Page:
The pride of Oxfordshire: Project LEO
Project LEO is one of the most wide-ranging and holistic smart grid trials ever conducted in the UK.
15th March 2020 by barnabyd
Network recently caught up with Melanie Bryce, Oxfordshire programme director at Scottish and Southern Electricity Networks (SSEN), to discuss Project LEO, one of the UK’s largest ever smart grid trials.
Since being awarded £13.8 million from the UK Government’s Industrial Strategy Challenge Fund in April 2019, Project Local Energy Oxfordshire (LEO) has made significant progress in testing and demonstrating the technical and economic under- pinnings that could define the future smart grid.
Melanie Bryce, who leads on the project for SSEN, outlines the scope: “Project LEO is a hugely ambitious and exciting project, in fact one of the most innovative and holistic smart grid trials ever conducted in the UK. Its objective is to trial the foundations of the future energy system, encouraging the growth of local markets, community engagement and supporting the development of low carbon technologies and solutions.”
Project LEO benefits from a wide breadth of expertise, with project partners including leading social enterprise, Low Carbon Hub, leading academics from the Universities of Oxford and Oxford Brookes, alongside Oxford City and Oxfordshire County Council.
“A smarter energy system will provide new opportunities for communities to engage and for low carbon technologies to compete with solutions in an open and fair market,” says Bryce. “LEO is testing how we turn the aspiration of a system that supports community engagement, into a reality. Ensuring project partners reflect a wide range of stakeholders is critical to our success.” Projects, like LEO, will be critical in informing how the UK gets to net zero in a cost-effective manner, as Bryce explains: “We describe the net zero challenge in terms of the four ‘d’s, which are decarbonisation, democratisation, decentralisation and digitalisation. In other words, net zero is just part of what is driving the transition, alongside changes within local communities and local generators who now view their role within the energy sector differently. Technological development also presents major challenges and opportunities.”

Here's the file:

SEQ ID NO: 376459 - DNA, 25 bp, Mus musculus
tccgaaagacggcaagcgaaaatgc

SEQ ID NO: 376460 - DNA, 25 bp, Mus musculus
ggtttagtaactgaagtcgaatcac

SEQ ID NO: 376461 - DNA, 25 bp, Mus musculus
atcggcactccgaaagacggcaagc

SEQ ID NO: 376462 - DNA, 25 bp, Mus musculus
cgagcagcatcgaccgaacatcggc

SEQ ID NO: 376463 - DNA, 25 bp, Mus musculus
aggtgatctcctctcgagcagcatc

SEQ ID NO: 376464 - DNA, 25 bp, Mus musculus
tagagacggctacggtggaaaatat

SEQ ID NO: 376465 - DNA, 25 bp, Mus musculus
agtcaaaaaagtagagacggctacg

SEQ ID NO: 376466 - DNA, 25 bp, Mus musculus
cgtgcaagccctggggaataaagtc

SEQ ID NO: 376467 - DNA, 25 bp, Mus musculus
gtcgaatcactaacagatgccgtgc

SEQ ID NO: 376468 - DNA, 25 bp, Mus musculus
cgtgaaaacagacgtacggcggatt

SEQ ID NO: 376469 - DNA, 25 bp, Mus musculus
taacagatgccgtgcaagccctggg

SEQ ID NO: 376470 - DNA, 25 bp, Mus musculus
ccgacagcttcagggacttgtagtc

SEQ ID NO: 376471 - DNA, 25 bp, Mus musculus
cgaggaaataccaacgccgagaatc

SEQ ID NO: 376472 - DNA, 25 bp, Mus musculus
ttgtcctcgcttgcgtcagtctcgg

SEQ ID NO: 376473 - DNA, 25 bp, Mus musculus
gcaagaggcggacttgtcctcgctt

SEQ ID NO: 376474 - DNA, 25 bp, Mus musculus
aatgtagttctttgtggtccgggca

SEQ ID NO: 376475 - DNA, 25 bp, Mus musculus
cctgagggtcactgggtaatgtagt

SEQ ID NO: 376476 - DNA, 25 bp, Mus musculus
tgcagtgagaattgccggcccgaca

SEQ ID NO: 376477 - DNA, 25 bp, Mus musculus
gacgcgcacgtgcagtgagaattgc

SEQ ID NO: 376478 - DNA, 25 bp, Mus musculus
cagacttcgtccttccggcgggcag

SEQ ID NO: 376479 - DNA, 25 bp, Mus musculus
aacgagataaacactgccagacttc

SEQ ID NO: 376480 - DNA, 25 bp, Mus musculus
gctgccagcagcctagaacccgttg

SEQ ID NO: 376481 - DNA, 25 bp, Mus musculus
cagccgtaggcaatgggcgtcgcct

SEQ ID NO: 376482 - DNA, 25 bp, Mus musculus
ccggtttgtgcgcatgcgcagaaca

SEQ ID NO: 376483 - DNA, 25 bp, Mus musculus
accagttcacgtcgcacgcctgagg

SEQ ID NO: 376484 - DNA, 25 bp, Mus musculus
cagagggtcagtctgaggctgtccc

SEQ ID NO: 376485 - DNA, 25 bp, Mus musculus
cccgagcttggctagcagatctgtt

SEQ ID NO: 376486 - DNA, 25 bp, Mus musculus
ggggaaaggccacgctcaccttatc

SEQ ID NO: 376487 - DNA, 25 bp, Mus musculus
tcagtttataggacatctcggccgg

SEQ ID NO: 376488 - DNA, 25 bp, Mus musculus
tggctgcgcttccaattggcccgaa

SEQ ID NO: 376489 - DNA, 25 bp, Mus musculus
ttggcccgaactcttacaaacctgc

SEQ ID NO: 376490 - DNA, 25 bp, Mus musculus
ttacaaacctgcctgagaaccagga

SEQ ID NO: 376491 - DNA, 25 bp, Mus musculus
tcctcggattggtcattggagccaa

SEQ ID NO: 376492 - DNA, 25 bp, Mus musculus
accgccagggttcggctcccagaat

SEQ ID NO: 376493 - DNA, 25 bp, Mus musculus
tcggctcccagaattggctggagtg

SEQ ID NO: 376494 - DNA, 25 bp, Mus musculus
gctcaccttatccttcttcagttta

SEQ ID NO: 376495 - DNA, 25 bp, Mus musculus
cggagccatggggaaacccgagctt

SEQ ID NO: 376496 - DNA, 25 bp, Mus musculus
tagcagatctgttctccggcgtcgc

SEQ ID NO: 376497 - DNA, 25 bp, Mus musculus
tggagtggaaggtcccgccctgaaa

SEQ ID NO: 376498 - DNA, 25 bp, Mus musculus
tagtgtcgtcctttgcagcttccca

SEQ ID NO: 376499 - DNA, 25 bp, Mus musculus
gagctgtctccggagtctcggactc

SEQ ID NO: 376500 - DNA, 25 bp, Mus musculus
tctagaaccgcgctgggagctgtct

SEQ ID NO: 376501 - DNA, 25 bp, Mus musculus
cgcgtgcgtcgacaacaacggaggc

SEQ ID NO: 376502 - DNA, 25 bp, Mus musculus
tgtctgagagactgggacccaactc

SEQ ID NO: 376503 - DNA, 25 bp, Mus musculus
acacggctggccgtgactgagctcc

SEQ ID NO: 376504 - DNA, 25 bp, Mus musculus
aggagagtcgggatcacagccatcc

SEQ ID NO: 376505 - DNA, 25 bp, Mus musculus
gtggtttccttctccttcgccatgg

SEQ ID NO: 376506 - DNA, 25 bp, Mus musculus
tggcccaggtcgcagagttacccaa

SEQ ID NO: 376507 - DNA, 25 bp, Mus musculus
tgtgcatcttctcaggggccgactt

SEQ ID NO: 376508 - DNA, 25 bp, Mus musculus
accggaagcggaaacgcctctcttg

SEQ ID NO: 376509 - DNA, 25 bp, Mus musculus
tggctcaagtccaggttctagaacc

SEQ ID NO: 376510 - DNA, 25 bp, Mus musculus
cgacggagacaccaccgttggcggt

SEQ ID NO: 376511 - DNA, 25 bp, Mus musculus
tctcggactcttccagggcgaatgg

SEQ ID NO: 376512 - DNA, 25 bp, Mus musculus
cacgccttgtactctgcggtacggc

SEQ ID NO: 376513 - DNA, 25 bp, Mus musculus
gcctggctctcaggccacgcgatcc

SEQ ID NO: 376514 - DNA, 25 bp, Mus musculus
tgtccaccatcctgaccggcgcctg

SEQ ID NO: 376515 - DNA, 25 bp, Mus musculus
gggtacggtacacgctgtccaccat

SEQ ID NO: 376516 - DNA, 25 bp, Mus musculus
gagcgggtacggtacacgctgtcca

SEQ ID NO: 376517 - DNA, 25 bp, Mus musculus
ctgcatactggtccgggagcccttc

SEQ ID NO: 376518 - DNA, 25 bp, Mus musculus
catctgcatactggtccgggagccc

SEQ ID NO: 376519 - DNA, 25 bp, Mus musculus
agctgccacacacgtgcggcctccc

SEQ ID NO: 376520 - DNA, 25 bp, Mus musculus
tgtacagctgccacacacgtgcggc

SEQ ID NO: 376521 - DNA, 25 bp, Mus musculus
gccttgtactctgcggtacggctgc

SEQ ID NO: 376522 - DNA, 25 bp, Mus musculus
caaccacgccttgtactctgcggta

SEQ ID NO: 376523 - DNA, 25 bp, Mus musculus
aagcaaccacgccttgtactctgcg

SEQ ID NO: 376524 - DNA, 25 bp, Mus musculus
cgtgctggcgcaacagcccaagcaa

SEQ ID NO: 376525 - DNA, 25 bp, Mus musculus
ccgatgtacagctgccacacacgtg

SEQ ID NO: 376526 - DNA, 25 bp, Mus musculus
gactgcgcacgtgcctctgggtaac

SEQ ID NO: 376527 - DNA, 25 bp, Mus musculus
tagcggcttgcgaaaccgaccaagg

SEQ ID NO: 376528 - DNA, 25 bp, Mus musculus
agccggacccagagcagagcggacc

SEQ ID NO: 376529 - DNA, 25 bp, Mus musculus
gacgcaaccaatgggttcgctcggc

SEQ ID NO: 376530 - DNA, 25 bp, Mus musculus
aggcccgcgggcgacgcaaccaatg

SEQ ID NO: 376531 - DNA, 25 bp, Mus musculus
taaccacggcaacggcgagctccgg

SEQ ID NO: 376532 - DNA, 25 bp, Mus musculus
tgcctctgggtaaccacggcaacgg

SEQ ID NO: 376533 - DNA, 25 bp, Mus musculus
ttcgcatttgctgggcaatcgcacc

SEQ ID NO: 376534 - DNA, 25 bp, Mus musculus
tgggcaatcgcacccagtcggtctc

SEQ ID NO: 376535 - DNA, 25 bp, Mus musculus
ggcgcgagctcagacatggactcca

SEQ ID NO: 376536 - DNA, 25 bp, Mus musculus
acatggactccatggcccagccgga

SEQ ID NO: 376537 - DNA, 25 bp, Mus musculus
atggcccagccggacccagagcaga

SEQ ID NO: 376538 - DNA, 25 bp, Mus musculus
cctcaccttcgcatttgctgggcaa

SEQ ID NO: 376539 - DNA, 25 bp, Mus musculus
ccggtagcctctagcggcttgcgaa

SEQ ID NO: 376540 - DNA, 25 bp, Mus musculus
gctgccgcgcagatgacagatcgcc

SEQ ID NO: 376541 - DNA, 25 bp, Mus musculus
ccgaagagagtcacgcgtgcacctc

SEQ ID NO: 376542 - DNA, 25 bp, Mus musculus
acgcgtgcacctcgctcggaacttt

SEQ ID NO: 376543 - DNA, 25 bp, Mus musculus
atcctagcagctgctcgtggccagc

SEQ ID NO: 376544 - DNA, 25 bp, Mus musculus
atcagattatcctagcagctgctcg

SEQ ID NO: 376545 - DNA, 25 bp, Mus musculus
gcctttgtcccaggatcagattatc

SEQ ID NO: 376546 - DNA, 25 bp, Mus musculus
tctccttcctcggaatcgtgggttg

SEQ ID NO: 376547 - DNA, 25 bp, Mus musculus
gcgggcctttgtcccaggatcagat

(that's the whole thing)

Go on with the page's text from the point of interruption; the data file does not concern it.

Project LEO’s first objective is to prove the technical feasibility of future energy markets. For example, can the deployment of flexibility give network operators a valuable alternative to investment in network reinforcement, whilst delivering a resilient network that can support the increased demand that net zero will bring?
Secondly, Project LEO will examine the economic feasibility of new markets and whether viable trades are possible between distributed energy resources and the DSO. This will then support the economics of deferred reinforcement. “Our project partner, Piclo, is incredibly important in this because their platform enables energy and capacity trading, allowing access to energy markets for individuals, businesses and communities,” Bryce explains.
Hunting down the best local projects
Project LEO is hunting for local assets to interact with the DSO to balance the network. “We have one trial with the Oxford Bus Company,” says Bryce, “which has two 15kW behind- the-meter batteries for charging their buses during off-peak times when energy prices are lower. Those batteries have been reconfigured to allow them to export to the network as well, so we can now measure the benefit of being able to draw on that resource for a couple of hours each day.”
Another valuable local asset is the Sandford Lock hydroelectric plant owned by social enterprise, Low Carbon Hub, the largest community- owned hydro project on the Thames, and that generates 1.6 GWh of renewable electricity per year using three Archimedes screws. This, Bryce reports, “came with unexpected challenges”. River levels rise and fall, which meant the last time Project LEO sought to run a test on this asset, water levels were too high to dispatch.
“This illustrates that the future electricity grid will not be a one-size-fits-all solution,” says Bryce. “Oxfordshire will have assets that run in certain ways, and in certain seasons. But, the larger the mix of assets available, the more resilient the flexibility solutions.”
The next stage for Project LEO will be to recruit a critical mass of distributed energy resources behind a primary substation in order to test a localised market. These can range from established battery- based solutions, to vehicle to grid (V2G) and demand side response (DSR).
Bryce believes “all technological options will have a part to play” and that “although batteries are perhaps the easiest and most reliable solution, I suspect that DSR is currently the least well understood and has the potential to move load around on the system which could delay additional investment.”
The lion’s share
“It is vital that that the benefits of the future DSO world, supported by the learnings from Project LEO, are equally shared”, warns Bryce. “We are entering an unprecedented period for the energy sector and SSEN and our partners are working to ensure new markets and opportunities are developed efficiently and transparently, to leave no-one behind.”
This is a main driver behind SSEN advocating a change to regulations to support network investment ahead of need and development of a new mechanism to support installation of EV charging infrastructure across the whole country, and not just in the hot spots that are first to convert to electrified transport.
Meanwhile, Project LEO is helping to raise awareness of decarbonisation and to show local community groups what part they might have to play in the grid of the future, as Bryce explains: “Project LEO supports people who are interested in becoming prosumers and our trials are teaching us how best to help them.”
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